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LGBT caught in a political football game

A lot of attention regarding Malaysian gays has been raised recently in an Umno controlled newspaper. The paper investigated the ways gays communicate, and interviewed a syariah lawyer and a counsellor.

They have been so actively carrying out the investigation into gays recently after the Sexualiti Merdeka’s judicial review on ban was rejected.

The application for a judicial review hearing was rejected by Judge Rohanna Yusuf. The judge upheld two grounds:

1. The police has power to ban under S27A (1)(C) of the Police Act 1967.

2. The issue is academic because the application was filed after the supposed event of Sexualiti Merdeka was over.

We all know, the police has a wide, absolute discretion under section 27A(1)(C) that the police has power to ban “an activity likely to be prejudicial to the interest and security of Malaysia or any part thereof or to excite a disturbance of the peace”.

However, the judge would have probably overlooked the point that such a decision by the police has grossly denied the right of assembly of the attendees. Note it is ‘attendees’, which means it includes lesbians, gays, bisexuals and transexuals (LGBT) as well as non-LGBTs.

And as one of the authors has pointed out in her article, there is no reason to justify the festival as being ‘prejudicial to the interest and security of Malaysia’. The appeal must be filed to review this ruling.

Here, we can see two opposing camps. The Umno controlled newspaper is trying to steer the matter using religious texts. The interviewees argue based on the holy Quran. In addition, the recent walkout by 57 nation of Organisation of Islamic Cooperation during the United Nation Human Rights panel on gay rights has clearly positioned that the Muslims majority countries do not support gay rights.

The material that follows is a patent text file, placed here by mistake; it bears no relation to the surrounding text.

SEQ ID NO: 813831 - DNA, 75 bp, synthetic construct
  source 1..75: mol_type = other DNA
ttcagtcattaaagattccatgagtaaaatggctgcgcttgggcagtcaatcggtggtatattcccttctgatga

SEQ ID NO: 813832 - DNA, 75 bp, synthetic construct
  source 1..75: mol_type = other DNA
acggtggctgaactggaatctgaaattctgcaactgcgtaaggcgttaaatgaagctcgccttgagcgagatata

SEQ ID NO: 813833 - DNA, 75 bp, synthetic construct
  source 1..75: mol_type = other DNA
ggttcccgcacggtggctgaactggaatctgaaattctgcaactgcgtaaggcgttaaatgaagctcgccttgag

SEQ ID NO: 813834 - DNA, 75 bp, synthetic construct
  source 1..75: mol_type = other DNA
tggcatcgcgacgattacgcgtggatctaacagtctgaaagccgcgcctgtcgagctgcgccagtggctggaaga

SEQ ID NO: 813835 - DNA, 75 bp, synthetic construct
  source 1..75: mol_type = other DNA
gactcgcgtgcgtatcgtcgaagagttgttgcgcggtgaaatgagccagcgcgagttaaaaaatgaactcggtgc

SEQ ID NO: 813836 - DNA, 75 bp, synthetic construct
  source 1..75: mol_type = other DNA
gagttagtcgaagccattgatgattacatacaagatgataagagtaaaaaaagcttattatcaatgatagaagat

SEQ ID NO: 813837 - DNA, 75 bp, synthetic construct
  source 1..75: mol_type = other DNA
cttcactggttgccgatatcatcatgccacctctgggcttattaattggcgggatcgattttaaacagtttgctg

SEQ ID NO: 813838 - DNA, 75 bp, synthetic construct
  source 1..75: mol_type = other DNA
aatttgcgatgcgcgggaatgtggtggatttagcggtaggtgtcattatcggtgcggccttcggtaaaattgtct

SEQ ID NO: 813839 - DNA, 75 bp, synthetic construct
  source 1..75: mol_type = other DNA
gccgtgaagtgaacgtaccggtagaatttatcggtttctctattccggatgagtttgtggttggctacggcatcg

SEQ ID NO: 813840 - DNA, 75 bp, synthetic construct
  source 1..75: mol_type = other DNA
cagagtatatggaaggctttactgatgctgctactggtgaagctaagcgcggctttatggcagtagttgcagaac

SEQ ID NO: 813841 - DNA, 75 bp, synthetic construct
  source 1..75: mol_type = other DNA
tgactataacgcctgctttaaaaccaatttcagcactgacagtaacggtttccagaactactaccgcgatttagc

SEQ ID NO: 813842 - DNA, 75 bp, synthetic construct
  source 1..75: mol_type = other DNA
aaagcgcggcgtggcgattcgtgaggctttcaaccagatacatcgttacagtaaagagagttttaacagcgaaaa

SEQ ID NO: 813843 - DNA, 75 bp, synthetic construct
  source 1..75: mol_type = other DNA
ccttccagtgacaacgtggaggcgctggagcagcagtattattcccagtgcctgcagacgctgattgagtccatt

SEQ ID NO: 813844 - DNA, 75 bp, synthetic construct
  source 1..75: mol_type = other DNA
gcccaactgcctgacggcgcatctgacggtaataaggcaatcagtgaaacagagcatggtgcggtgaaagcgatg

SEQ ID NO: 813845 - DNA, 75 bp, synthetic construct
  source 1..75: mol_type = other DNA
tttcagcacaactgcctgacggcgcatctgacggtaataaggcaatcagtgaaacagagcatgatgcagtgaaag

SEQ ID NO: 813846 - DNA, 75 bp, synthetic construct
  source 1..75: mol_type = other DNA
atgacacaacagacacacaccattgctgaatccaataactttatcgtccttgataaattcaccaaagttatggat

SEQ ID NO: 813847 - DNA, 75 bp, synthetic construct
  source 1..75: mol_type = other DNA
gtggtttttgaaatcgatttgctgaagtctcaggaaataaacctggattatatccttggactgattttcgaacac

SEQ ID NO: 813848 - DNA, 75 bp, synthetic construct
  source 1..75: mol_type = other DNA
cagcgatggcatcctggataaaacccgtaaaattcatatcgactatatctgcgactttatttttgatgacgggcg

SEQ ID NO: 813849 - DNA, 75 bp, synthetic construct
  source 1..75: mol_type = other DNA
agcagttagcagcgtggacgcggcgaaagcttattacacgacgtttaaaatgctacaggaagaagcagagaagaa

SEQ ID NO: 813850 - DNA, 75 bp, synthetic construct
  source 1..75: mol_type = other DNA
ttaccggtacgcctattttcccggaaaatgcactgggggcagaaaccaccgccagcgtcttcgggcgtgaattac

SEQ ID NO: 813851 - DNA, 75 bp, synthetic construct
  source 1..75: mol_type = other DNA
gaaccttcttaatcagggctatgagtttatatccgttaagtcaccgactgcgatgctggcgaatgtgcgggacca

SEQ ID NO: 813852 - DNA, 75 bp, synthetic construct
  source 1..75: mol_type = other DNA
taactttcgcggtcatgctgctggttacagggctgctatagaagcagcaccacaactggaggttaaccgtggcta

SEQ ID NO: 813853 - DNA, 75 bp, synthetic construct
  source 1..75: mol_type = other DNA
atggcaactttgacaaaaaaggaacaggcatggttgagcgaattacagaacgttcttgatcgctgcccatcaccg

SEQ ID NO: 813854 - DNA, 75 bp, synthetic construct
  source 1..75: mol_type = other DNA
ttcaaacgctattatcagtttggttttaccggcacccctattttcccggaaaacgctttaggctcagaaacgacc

The question thus posted to us is how we resolve this issue in Malaysia. In my view, a public debate based on the scientific findings must be held on an equal platform in the mainstream.

Whichever parties, either from Barisan or Pakatan, that picks up this issue, would definitely earn the respect and command of the majority of the society. This is because LGBTs exist in every single aspect of our lives. Political parties should try resolving this issue instead of politicising it using religious arguments.

There is a list of issues to be debated over. For example, the psychotherapy of gays forced to convert to straight, the right to consensual sex within private areas, the right to marry with same sex partner, etc. Policy makers cannot close an eye to the existence of LGBT as they are not closeted anymore. LGBT issues cannot be swept under the carpet again and again.  

It is time to take the lead in change through either transformation or reformation. Sometimes, it appears to me that religions have served as tools to divide the nation instead of preaching love and peace in this beautiful land of Malaysia.

The fundamental underlying principle of resolving this is to recognise the mutual existence of the gays as a group and part of society.

The spirit of the Malaysian constitution should be upheld by interpreting the fundamental rights and applying it to the practical aspects of LGBTs in their lives. Religious arguments coupled with the unrelated support of article 3(1) of our constitution are merely used to divide us to fit their political motives, to fish the different camps for votes.

Malaysians are a very tolerant lot living. The nature of inclusiveness must prevail over the fight and shout by hypocrites.

Now, the LGBT movement in Malaysia has begun through the legal battle. Therefore the courts should be more aware of the legal developments surrounding the LGBT issue around the world.

I would only hope that the coming government after the general election would be able to resolve, or at least to listen, to the grievances the LGBTs that have been silenced all this while.

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